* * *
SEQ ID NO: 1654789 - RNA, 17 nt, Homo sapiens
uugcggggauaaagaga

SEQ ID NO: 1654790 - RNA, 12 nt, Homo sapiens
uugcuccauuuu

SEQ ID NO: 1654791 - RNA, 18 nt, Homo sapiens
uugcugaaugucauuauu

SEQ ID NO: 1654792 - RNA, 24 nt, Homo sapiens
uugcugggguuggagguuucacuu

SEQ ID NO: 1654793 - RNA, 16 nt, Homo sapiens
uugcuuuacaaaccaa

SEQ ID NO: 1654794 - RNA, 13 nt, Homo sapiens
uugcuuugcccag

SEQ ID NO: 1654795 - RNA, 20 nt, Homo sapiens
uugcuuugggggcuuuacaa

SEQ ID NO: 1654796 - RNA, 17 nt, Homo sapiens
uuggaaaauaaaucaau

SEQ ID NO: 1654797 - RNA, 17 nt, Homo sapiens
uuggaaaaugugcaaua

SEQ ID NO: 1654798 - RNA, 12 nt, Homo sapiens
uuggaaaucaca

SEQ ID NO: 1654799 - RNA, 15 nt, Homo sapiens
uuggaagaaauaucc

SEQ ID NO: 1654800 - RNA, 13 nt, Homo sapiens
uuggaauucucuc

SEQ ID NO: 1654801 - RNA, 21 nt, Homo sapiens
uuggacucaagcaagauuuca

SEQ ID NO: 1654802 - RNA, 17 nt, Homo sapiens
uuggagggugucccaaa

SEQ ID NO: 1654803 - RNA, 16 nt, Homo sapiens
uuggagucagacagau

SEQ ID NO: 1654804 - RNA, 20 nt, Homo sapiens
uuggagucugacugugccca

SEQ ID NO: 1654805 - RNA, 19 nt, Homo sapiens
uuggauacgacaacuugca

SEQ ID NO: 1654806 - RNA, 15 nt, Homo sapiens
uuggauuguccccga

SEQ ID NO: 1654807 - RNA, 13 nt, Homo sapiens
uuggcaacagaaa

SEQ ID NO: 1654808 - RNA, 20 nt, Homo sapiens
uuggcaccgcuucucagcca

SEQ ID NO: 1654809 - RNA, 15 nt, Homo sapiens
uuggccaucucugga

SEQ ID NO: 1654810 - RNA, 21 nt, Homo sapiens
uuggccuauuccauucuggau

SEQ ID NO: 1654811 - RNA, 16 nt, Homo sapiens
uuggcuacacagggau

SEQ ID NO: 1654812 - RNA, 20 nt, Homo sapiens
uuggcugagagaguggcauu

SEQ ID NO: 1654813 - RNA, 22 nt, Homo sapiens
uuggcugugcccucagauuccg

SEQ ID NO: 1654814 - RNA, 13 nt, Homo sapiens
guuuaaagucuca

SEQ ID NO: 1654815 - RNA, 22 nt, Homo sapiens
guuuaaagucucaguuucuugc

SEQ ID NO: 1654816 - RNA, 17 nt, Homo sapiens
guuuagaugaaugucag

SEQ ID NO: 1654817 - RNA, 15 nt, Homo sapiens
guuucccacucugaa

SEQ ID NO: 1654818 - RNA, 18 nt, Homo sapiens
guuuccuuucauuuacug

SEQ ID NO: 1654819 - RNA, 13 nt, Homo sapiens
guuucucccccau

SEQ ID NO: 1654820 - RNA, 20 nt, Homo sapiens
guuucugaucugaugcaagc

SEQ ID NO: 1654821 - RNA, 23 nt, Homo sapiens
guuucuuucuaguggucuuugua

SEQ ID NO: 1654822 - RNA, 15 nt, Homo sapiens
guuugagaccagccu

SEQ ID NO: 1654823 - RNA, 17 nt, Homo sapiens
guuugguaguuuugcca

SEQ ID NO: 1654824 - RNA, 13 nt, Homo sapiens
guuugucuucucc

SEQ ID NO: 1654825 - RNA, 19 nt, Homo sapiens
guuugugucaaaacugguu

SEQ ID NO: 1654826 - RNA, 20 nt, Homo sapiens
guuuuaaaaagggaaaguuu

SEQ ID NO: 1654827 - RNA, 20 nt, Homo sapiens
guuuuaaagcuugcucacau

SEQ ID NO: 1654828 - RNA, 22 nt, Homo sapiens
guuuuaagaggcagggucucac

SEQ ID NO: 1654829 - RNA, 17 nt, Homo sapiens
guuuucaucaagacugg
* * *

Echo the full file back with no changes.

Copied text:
SEQ ID NO: 1654789 - RNA, 17 nt, Homo sapiens
uugcggggauaaagaga

SEQ ID NO: 1654790 - RNA, 12 nt, Homo sapiens
uugcuccauuuu

SEQ ID NO: 1654791 - RNA, 18 nt, Homo sapiens
uugcugaaugucauuauu

SEQ ID NO: 1654792 - RNA, 24 nt, Homo sapiens
uugcugggguuggagguuucacuu

SEQ ID NO: 1654793 - RNA, 16 nt, Homo sapiens
uugcuuuacaaaccaa

SEQ ID NO: 1654794 - RNA, 13 nt, Homo sapiens
uugcuuugcccag

SEQ ID NO: 1654795 - RNA, 20 nt, Homo sapiens
uugcuuugggggcuuuacaa

SEQ ID NO: 1654796 - RNA, 17 nt, Homo sapiens
uuggaaaauaaaucaau

SEQ ID NO: 1654797 - RNA, 17 nt, Homo sapiens
uuggaaaaugugcaaua

SEQ ID NO: 1654798 - RNA, 12 nt, Homo sapiens
uuggaaaucaca

SEQ ID NO: 1654799 - RNA, 15 nt, Homo sapiens
uuggaagaaauaucc

SEQ ID NO: 1654800 - RNA, 13 nt, Homo sapiens
uuggaauucucuc

SEQ ID NO: 1654801 - RNA, 21 nt, Homo sapiens
uuggacucaagcaagauuuca

SEQ ID NO: 1654802 - RNA, 17 nt, Homo sapiens
uuggagggugucccaaa

SEQ ID NO: 1654803 - RNA, 16 nt, Homo sapiens
uuggagucagacagau

SEQ ID NO: 1654804 - RNA, 20 nt, Homo sapiens
uuggagucugacugugccca

SEQ ID NO: 1654805 - RNA, 19 nt, Homo sapiens
uuggauacgacaacuugca

SEQ ID NO: 1654806 - RNA, 15 nt, Homo sapiens
uuggauuguccccga

SEQ ID NO: 1654807 - RNA, 13 nt, Homo sapiens
uuggcaacagaaa

SEQ ID NO: 1654808 - RNA, 20 nt, Homo sapiens
uuggcaccgcuucucagcca

SEQ ID NO: 1654809 - RNA, 15 nt, Homo sapiens
uuggccaucucugga

SEQ ID NO: 1654810 - RNA, 21 nt, Homo sapiens
uuggccuauuccauucuggau

SEQ ID NO: 1654811 - RNA, 16 nt, Homo sapiens
uuggcuacacagggau

SEQ ID NO: 1654812 - RNA, 20 nt, Homo sapiens
uuggcugagagaguggcauu

SEQ ID NO: 1654813 - RNA, 22 nt, Homo sapiens
uuggcugugcccucagauuccg

SEQ ID NO: 1654814 - RNA, 13 nt, Homo sapiens
guuuaaagucuca

SEQ ID NO: 1654815 - RNA, 22 nt, Homo sapiens
guuuaaagucucaguuucuugc

SEQ ID NO: 1654816 - RNA, 17 nt, Homo sapiens
guuuagaugaaugucag

SEQ ID NO: 1654817 - RNA, 15 nt, Homo sapiens
guuucccacucugaa

SEQ ID NO: 1654818 - RNA, 18 nt, Homo sapiens
guuuccuuucauuuacug

SEQ ID NO: 1654819 - RNA, 13 nt, Homo sapiens
guuucucccccau

SEQ ID NO: 1654820 - RNA, 20 nt, Homo sapiens
guuucugaucugaugcaagc

SEQ ID NO: 1654821 - RNA, 23 nt, Homo sapiens
guuucuuucuaguggucuuugua

SEQ ID NO: 1654822 - RNA, 15 nt, Homo sapiens
guuugagaccagccu

SEQ ID NO: 1654823 - RNA, 17 nt, Homo sapiens
guuugguaguuuugcca

SEQ ID NO: 1654824 - RNA, 13 nt, Homo sapiens
guuugucuucucc

SEQ ID NO: 1654825 - RNA, 19 nt, Homo sapiens
guuugugucaaaacugguu

SEQ ID NO: 1654826 - RNA, 20 nt, Homo sapiens
guuuuaaaaagggaaaguuu

SEQ ID NO: 1654827 - RNA, 20 nt, Homo sapiens
guuuuaaagcuugcucacau

SEQ ID NO: 1654828 - RNA, 22 nt, Homo sapiens
guuuuaagaggcagggucucac

SEQ ID NO: 1654829 - RNA, 17 nt, Homo sapiens
guuuucaucaagacugg